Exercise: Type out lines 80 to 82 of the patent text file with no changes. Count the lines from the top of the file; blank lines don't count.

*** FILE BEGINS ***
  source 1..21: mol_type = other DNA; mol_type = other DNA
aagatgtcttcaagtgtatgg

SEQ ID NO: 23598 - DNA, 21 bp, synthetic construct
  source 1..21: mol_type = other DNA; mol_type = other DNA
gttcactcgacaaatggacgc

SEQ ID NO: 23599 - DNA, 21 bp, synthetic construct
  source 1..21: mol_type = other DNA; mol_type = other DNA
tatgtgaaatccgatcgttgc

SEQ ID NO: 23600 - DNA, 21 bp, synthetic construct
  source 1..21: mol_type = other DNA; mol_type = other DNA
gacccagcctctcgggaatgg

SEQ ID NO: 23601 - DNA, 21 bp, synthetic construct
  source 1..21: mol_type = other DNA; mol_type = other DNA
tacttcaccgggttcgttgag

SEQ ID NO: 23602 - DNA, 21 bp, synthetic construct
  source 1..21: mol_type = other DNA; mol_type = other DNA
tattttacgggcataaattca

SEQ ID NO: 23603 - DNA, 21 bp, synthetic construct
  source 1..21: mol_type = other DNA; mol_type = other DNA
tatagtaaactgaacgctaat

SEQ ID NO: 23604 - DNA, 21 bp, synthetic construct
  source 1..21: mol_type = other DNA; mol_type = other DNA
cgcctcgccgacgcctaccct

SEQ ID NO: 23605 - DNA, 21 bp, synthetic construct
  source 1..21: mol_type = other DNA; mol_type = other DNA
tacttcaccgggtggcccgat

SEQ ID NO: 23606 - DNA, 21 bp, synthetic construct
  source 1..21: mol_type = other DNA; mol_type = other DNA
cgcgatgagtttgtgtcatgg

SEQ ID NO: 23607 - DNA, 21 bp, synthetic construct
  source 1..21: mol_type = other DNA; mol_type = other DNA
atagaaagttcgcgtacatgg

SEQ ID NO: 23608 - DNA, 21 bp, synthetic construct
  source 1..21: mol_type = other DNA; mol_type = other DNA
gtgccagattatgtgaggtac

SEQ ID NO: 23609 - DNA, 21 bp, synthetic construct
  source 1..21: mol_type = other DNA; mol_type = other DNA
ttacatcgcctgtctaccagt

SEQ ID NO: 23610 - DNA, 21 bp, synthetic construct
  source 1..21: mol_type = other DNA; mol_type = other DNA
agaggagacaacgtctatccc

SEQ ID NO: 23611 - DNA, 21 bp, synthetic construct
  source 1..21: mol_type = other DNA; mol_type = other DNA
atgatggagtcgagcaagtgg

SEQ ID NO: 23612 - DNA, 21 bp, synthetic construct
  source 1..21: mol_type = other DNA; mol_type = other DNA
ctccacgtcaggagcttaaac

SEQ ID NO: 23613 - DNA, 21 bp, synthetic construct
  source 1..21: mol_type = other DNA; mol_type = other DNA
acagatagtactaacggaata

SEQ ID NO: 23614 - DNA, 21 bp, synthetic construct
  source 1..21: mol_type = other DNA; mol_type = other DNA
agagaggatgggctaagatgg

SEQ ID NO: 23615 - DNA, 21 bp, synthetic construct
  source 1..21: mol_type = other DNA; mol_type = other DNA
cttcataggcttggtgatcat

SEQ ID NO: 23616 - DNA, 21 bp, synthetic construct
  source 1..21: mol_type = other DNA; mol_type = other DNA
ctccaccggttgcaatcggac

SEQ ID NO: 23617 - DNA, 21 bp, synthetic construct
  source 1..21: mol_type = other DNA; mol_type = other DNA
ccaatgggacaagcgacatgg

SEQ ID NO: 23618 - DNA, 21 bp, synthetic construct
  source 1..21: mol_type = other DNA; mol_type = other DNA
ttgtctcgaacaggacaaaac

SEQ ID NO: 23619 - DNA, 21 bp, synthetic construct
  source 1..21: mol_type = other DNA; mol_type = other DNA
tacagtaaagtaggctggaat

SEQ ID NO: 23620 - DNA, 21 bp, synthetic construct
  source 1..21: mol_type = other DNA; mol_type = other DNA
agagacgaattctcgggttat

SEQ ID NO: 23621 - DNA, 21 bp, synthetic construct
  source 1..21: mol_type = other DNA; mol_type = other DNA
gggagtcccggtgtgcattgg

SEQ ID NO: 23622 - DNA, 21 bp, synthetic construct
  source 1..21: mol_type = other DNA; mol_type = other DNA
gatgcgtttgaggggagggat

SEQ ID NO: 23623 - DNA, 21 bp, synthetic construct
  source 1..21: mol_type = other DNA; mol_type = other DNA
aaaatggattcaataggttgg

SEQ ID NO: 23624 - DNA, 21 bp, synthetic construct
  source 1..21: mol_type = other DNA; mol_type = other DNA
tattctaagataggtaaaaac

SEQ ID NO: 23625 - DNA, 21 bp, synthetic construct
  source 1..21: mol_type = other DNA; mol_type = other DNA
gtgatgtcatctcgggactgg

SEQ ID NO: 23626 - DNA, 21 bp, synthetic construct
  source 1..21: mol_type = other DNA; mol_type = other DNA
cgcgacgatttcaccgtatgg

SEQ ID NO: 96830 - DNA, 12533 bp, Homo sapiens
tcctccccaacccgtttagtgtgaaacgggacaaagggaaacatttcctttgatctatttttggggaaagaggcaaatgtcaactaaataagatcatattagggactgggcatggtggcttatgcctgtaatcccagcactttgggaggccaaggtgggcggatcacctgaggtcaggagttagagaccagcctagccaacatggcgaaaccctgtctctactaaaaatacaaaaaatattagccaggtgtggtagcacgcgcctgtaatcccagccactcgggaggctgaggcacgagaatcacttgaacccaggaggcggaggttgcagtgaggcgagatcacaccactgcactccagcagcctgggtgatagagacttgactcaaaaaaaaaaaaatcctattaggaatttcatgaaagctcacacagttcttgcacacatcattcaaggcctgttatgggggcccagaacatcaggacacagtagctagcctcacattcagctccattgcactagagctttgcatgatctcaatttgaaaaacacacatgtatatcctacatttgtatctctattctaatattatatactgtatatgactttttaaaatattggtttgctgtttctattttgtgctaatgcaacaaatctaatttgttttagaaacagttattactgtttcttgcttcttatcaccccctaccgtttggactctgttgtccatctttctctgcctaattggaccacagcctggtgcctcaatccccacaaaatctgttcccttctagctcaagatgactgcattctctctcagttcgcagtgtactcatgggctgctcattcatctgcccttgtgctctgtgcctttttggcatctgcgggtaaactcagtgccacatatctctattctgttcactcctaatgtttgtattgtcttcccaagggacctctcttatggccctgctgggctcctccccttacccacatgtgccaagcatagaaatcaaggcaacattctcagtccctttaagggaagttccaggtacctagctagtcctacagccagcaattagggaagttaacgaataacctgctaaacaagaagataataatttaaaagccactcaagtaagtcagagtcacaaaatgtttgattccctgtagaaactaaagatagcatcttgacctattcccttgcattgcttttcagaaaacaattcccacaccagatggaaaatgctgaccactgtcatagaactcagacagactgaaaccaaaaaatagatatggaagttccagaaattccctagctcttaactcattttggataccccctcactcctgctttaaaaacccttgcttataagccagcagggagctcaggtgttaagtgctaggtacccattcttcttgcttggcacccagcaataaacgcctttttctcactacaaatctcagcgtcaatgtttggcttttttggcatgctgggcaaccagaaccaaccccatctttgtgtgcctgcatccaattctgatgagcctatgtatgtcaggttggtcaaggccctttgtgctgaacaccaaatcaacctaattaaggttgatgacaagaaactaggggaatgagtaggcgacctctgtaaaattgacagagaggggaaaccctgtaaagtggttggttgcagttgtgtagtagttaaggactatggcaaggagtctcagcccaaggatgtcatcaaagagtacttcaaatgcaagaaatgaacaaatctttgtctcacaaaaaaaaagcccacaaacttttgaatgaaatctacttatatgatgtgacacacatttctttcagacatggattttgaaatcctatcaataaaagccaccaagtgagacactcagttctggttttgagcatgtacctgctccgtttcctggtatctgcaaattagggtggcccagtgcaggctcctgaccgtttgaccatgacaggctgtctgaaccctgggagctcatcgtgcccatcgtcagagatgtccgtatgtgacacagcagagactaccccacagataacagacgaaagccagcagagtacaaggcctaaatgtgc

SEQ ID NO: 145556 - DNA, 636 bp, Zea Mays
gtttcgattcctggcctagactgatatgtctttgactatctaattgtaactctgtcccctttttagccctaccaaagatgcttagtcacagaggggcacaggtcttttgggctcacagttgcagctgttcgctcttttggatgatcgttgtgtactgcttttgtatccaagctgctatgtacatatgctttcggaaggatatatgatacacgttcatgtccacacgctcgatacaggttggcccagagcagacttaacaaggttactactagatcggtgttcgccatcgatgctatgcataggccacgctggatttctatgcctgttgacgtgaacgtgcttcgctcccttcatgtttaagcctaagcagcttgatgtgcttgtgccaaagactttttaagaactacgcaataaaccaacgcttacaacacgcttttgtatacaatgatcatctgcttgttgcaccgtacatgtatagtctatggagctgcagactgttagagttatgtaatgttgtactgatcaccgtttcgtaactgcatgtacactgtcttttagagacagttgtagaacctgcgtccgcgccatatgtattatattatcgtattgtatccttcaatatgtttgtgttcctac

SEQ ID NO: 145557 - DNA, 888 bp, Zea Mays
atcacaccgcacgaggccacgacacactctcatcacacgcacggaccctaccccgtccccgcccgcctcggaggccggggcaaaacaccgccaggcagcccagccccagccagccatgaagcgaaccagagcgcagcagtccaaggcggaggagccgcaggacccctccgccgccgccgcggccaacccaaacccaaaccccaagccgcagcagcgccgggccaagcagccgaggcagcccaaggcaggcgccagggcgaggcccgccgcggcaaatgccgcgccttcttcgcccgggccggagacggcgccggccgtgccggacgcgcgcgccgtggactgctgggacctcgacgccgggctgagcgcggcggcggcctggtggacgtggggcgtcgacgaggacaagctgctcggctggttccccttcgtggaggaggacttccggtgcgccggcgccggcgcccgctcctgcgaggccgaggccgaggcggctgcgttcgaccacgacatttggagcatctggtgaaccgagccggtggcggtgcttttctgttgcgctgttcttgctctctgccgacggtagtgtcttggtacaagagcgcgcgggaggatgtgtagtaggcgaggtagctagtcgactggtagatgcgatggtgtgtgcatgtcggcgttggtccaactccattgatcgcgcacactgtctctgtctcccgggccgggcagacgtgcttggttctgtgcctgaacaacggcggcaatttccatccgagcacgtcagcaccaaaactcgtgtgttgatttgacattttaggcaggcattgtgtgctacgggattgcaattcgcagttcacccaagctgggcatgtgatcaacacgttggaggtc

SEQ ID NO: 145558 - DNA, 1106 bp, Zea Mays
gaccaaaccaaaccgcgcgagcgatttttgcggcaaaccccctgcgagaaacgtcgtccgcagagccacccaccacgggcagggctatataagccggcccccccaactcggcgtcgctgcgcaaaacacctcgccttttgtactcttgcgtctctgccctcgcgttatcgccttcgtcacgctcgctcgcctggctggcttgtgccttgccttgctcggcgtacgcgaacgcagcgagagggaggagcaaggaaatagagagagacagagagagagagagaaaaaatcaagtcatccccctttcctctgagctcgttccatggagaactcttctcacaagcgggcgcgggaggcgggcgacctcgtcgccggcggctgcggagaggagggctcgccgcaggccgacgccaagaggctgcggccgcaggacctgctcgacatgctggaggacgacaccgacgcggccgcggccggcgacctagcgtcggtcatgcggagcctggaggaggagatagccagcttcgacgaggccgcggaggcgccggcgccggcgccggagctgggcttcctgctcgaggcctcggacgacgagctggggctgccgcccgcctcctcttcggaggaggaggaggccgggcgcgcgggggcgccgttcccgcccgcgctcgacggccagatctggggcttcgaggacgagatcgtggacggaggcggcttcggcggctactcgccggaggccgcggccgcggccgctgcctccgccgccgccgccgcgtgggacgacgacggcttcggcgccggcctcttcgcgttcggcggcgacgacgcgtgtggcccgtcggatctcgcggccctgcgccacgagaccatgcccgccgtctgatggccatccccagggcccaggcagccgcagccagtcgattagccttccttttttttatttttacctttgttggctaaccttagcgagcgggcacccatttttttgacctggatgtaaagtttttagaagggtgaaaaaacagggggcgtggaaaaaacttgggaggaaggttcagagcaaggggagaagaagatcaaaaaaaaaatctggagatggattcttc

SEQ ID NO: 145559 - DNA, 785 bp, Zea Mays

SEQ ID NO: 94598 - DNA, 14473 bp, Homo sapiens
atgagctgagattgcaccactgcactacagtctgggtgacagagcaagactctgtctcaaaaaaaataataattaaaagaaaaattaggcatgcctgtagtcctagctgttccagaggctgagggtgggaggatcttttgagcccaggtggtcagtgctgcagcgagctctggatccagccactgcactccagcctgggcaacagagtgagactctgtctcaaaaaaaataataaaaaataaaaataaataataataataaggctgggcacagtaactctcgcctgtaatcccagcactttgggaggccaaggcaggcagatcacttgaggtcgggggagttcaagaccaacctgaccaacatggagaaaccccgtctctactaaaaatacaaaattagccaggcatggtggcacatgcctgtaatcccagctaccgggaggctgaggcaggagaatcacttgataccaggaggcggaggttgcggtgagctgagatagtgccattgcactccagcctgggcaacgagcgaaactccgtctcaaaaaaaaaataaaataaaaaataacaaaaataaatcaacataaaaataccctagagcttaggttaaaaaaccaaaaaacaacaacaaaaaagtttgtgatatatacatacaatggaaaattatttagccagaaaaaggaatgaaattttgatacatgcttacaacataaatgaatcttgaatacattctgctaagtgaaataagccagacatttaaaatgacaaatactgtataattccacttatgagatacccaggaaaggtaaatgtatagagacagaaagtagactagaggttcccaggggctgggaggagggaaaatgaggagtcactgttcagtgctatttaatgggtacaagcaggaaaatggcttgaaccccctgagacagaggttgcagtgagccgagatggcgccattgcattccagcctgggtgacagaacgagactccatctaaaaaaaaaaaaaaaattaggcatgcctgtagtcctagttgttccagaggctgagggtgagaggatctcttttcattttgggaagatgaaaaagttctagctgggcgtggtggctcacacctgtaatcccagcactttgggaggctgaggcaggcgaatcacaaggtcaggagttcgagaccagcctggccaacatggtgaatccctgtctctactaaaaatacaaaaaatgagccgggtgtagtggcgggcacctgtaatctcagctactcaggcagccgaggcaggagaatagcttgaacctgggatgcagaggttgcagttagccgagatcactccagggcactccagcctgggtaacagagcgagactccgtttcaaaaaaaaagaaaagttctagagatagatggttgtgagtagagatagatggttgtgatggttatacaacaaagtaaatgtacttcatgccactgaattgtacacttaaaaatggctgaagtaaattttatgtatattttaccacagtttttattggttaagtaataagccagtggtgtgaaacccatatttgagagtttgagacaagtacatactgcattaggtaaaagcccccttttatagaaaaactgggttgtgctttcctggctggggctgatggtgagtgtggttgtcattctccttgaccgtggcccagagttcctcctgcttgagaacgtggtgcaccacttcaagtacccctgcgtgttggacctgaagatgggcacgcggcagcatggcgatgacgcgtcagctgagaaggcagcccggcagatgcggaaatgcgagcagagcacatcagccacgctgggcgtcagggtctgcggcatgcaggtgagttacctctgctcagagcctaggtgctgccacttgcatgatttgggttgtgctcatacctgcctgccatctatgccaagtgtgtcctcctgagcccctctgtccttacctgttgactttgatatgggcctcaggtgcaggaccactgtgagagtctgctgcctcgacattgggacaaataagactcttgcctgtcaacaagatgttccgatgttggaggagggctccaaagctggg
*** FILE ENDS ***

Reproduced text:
aaaatggattcaataggttgg

SEQ ID NO: 23624 - DNA, 21 bp, synthetic construct
  source 1..21: mol_type = other DNA; mol_type = other DNA